A SCOTTISH association has raised alarm bells over the possible impact of the UK Government’s new energy scheme on the hospitality sector.

The £5.5 billion Energy Bills Discount Scheme was announced on Monday in the House of Commons to support businesses with their energy bills after the current scheme ends this spring.

The offer from the Government is significantly less generous than the winter scheme. According to an example on the UK Government’s website, it could mean that a pub which was previously getting £3100 in support every month will now get just £190.

The current scheme, which is set to expire at the end of March, caps the wholesale unit cost of electricity and gas for firms.

However the SLTA (Scottish Licensed Trade Association) has expressed “very serious concerns” over the replacement plans, warning that offering a discount on wholesale prices rather than a fixed price will mean businesses will receive a vastly reduced level of support.

Colin Wilkinson, SLTA managing director, said struggling hospitality businesses are desperate for financial support.

The National: Colin Wilkinson of the Scottish Licensed Trade AssociationColin Wilkinson of the Scottish Licensed Trade Association (Image: SLTA)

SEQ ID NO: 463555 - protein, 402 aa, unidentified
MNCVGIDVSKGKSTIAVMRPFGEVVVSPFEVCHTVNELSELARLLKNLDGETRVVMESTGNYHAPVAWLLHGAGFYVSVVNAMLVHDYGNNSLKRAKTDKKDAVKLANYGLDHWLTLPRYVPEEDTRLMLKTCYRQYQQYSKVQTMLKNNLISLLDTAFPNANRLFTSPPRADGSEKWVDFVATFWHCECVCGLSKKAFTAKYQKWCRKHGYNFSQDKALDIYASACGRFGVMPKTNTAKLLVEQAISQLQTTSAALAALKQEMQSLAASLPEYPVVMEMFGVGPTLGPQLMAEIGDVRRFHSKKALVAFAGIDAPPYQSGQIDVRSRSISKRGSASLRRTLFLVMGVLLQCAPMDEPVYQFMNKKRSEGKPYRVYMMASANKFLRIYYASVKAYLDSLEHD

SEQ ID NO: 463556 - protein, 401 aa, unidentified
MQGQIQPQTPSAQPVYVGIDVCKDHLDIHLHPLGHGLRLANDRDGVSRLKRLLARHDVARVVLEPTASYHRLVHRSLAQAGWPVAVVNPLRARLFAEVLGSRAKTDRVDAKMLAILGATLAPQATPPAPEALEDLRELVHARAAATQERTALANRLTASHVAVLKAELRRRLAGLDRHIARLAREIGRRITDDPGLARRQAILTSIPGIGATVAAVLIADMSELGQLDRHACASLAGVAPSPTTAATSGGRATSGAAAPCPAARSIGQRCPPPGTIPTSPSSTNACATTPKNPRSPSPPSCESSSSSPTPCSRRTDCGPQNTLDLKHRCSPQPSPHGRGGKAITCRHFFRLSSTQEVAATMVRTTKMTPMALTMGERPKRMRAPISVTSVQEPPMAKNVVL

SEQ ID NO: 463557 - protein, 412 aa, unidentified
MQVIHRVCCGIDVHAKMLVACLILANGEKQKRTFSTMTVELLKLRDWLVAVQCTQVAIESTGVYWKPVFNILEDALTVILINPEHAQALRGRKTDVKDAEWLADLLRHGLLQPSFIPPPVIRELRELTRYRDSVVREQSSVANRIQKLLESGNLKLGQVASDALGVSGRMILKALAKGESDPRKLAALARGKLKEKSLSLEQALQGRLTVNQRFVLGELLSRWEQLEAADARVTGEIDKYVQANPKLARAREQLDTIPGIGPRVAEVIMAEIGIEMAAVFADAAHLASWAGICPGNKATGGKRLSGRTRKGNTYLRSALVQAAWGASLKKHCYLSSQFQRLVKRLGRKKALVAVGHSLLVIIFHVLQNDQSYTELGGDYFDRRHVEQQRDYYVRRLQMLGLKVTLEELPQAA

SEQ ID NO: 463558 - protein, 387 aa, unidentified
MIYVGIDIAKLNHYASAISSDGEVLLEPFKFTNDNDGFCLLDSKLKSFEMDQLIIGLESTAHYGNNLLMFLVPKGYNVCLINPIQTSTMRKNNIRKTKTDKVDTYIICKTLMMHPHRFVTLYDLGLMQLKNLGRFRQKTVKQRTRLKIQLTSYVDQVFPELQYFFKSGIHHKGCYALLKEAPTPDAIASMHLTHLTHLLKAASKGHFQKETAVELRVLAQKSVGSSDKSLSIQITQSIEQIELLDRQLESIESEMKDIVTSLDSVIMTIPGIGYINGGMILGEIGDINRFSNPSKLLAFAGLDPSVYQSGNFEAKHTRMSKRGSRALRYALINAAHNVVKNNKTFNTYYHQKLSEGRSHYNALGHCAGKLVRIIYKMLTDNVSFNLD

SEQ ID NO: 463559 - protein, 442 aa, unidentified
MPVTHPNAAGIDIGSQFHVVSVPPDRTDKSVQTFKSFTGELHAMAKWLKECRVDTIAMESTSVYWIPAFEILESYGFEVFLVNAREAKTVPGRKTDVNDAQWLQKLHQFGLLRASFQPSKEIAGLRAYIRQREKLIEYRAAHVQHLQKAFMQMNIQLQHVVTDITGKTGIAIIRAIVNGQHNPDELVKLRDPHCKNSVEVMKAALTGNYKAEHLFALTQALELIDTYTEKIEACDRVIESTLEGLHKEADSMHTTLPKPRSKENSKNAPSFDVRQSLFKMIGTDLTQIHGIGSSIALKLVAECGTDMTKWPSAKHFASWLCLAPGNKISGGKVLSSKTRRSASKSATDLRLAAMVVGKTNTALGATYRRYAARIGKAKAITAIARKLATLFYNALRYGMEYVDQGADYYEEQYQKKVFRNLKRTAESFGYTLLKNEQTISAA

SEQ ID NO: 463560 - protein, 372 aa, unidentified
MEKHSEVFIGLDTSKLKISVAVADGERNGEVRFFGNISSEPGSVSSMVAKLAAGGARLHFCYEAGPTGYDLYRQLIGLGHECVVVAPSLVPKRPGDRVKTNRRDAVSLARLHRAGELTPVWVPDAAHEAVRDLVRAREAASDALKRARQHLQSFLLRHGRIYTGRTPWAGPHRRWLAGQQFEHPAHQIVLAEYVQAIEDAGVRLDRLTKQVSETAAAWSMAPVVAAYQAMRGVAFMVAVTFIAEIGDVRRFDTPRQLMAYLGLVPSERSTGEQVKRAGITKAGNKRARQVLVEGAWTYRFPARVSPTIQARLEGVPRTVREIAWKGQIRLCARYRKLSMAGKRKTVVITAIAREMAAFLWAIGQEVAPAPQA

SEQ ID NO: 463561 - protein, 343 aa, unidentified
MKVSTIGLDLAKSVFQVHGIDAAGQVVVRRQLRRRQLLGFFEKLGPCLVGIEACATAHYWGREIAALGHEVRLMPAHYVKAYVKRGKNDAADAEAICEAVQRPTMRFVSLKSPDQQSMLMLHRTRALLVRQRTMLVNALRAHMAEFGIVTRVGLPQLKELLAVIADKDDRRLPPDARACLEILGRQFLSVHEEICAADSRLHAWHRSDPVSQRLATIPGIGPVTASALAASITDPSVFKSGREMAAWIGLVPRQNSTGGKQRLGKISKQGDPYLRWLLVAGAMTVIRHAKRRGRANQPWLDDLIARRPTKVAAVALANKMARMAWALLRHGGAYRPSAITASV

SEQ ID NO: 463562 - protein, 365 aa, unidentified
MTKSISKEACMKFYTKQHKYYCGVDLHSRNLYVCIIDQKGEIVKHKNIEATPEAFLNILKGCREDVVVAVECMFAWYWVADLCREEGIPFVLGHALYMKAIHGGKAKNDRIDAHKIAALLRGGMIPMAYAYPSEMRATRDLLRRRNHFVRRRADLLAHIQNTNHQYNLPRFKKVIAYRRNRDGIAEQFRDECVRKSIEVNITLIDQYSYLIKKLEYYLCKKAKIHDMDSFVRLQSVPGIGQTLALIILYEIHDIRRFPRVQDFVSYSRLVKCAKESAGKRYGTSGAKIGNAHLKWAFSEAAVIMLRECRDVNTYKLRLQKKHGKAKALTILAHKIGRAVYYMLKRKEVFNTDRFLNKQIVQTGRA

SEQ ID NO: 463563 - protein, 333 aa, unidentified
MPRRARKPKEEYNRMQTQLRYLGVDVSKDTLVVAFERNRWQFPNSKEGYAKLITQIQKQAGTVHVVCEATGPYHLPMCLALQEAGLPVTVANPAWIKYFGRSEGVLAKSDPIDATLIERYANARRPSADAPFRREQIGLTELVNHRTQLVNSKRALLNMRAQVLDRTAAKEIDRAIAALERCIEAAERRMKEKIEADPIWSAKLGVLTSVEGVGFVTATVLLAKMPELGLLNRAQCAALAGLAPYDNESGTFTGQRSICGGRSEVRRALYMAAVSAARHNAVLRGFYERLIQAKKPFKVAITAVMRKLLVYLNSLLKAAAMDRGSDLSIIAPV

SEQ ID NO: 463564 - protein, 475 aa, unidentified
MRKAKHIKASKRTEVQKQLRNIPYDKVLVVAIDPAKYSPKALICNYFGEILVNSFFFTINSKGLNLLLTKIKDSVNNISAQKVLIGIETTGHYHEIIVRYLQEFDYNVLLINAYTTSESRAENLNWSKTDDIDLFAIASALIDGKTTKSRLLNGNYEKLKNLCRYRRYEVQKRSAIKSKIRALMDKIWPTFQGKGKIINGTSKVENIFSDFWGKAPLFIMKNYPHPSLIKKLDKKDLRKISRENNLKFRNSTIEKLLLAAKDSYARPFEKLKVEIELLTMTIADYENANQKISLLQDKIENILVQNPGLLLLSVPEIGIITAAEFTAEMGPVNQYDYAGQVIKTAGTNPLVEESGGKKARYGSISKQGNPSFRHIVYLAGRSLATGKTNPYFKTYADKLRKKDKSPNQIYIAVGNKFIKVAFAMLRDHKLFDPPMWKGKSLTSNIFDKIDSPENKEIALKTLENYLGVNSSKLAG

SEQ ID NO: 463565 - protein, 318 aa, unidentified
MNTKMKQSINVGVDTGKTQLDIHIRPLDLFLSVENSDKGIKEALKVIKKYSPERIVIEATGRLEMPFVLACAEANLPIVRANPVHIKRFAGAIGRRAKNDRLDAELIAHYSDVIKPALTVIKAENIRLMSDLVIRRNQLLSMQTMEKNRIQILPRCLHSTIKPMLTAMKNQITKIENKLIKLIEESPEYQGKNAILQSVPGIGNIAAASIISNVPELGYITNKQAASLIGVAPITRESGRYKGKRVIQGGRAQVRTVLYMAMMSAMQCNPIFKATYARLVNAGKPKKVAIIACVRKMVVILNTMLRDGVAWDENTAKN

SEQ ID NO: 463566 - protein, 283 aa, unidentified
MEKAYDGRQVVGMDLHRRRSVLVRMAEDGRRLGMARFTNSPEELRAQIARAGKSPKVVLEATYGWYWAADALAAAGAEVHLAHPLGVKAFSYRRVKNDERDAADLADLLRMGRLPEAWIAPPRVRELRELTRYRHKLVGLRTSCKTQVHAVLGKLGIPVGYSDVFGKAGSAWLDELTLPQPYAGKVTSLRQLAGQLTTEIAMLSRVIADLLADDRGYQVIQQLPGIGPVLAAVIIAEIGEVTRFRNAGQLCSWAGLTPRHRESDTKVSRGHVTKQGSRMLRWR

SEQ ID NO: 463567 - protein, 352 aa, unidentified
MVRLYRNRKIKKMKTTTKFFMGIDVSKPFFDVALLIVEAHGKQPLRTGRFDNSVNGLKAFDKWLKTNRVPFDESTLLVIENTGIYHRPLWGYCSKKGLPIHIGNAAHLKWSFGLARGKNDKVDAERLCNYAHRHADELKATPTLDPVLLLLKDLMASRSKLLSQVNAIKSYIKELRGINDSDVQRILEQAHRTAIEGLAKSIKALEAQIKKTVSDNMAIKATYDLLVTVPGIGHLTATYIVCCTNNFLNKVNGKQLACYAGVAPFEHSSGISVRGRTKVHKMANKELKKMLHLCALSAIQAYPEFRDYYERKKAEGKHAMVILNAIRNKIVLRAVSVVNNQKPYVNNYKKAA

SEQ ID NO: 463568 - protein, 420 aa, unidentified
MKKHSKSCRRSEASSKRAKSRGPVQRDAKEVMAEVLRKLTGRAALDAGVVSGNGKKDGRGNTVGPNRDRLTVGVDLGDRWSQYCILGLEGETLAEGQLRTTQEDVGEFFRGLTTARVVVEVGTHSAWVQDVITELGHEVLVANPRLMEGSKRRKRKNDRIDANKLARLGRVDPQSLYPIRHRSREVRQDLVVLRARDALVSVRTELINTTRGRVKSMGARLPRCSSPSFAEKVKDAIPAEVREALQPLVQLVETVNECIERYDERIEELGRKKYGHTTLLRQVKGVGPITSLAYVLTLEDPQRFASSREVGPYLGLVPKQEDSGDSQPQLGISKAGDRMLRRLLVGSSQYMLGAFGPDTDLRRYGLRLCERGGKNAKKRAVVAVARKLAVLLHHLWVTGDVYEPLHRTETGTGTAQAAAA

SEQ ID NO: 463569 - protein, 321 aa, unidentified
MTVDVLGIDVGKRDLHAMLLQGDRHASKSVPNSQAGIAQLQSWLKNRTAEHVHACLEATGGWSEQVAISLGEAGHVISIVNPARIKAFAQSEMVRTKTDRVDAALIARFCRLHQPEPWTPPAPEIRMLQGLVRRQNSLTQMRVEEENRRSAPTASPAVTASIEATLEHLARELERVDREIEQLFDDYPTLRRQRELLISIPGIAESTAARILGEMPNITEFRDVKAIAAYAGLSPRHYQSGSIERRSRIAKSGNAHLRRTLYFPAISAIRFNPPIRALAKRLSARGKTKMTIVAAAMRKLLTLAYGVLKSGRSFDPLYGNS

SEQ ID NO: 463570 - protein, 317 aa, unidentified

He went on: “Many businesses in the hospitality sector in Scotland have had a bitterly disappointing December as a direct result of the economic crisis, train strikes, poor late-night public transport and lack of taxi provision in some towns and cities.

“We’re into the second week of January and these challenges remain.

“So, to hear that the current energy scheme is to be replaced with one that offers a discount on wholesale prices rather than a fixed cap price means that businesses will receive a vastly reduced level of support – understandably, we have very serious concerns about the impact this will have on the hospitality sector.”

Wilkinson said the new scheme does not offer much hope for vulnerable sectors like hospitality.

Energy costs currently account for between 8% to 10% of turnover for an average pub or bar, he added.

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“Energy is the second-highest cost for hospitality venues.

“The cost of this scheme, at £5.5bn, is not insignificant but when you drill down into the detail, small businesses in particular will not be much better off.

“James Cartlidge, the Exchequer Secretary to the Treasury, said that discount would be the equivalent to a £2300 saving for a pub and of course every little bit helps. But it’s not nearly enough,” he said.

Wilkinson said the organisation warned before Christmas that many businesses are set to close permanently amid the cost-of-living crisis and other ongoing pressures.

Businesses urgently need meaningful intervention on business rates, he said.